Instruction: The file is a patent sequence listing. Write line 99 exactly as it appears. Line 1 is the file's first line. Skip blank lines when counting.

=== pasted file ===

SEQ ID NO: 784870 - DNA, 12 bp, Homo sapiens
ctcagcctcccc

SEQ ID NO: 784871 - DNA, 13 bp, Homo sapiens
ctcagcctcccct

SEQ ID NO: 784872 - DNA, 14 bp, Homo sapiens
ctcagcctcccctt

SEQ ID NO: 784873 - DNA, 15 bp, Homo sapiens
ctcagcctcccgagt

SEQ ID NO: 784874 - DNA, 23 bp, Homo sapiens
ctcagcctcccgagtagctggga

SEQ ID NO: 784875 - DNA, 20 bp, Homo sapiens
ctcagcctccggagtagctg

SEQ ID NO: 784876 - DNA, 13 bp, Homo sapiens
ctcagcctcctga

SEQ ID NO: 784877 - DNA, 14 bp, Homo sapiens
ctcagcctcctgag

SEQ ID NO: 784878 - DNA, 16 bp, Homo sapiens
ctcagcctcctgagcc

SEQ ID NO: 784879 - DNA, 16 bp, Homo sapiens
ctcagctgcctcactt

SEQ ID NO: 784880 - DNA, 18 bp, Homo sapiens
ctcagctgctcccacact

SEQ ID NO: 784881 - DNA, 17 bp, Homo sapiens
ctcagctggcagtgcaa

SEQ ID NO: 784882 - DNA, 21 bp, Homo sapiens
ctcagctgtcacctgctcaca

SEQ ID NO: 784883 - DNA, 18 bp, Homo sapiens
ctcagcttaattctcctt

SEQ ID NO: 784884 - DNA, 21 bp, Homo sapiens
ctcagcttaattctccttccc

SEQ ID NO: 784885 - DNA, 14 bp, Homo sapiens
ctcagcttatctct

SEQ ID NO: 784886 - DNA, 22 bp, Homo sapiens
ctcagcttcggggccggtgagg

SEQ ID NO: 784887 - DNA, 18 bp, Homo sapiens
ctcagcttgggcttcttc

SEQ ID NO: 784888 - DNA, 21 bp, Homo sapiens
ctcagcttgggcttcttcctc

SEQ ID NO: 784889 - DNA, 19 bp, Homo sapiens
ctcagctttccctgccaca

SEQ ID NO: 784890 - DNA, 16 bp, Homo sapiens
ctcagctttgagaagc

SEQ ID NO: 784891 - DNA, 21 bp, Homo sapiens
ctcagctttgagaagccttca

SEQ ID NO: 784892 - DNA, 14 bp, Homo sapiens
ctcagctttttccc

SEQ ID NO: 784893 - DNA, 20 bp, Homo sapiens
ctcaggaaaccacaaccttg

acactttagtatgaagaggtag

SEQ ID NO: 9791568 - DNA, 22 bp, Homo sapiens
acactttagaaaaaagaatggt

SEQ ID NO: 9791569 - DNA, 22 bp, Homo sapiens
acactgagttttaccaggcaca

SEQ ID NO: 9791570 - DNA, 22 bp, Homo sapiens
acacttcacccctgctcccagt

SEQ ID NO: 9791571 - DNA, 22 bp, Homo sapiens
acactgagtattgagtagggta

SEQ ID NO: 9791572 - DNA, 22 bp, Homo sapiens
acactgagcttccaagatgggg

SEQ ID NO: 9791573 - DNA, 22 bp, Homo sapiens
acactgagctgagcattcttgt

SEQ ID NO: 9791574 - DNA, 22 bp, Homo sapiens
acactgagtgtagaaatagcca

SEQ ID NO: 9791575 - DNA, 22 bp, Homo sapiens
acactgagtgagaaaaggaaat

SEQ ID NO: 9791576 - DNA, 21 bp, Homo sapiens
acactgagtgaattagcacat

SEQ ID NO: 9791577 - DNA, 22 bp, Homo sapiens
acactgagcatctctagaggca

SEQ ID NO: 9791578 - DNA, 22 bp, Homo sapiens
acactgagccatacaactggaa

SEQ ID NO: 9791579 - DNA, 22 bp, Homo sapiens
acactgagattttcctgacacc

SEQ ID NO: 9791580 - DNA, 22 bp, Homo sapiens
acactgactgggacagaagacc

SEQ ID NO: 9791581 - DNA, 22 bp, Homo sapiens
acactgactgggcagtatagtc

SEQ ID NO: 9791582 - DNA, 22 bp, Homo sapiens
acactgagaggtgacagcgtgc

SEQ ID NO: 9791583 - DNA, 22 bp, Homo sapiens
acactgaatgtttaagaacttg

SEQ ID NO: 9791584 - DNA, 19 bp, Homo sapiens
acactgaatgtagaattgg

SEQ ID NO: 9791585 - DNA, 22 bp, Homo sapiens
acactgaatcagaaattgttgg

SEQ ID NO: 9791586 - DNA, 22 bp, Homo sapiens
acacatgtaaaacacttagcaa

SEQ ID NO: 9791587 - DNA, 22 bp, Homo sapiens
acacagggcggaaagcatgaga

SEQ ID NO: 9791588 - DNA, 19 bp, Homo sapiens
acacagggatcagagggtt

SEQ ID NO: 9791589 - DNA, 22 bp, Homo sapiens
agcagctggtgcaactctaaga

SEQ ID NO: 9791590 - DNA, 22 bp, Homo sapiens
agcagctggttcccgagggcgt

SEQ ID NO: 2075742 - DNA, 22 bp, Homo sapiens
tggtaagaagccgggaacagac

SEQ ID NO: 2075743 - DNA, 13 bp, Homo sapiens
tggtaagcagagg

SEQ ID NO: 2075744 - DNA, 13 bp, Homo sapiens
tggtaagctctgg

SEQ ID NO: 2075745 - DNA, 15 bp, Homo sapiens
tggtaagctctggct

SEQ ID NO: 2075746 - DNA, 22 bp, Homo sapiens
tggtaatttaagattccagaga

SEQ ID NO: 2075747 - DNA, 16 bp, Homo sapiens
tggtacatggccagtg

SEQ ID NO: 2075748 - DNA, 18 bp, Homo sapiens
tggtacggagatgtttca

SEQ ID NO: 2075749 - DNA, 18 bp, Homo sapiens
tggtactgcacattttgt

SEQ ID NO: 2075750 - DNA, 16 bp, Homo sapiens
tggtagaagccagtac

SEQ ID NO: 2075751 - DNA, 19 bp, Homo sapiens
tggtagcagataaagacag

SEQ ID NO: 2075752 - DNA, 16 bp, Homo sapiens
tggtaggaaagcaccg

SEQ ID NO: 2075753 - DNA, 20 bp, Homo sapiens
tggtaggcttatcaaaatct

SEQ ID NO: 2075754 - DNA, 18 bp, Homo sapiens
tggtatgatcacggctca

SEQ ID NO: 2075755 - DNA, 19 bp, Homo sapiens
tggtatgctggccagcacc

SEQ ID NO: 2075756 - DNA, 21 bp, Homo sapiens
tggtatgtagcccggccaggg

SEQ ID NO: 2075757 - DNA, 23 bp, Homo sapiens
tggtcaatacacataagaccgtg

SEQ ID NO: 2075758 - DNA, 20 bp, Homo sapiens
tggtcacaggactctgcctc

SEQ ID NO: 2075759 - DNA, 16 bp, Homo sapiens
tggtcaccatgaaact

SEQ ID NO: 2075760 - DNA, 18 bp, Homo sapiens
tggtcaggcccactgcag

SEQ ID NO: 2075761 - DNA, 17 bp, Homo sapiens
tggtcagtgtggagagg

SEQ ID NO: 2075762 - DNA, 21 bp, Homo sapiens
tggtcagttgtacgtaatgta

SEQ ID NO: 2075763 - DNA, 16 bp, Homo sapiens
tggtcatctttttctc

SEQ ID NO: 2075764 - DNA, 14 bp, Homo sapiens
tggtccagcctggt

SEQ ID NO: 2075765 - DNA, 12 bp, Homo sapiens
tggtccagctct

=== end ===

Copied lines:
tggtaagcagagg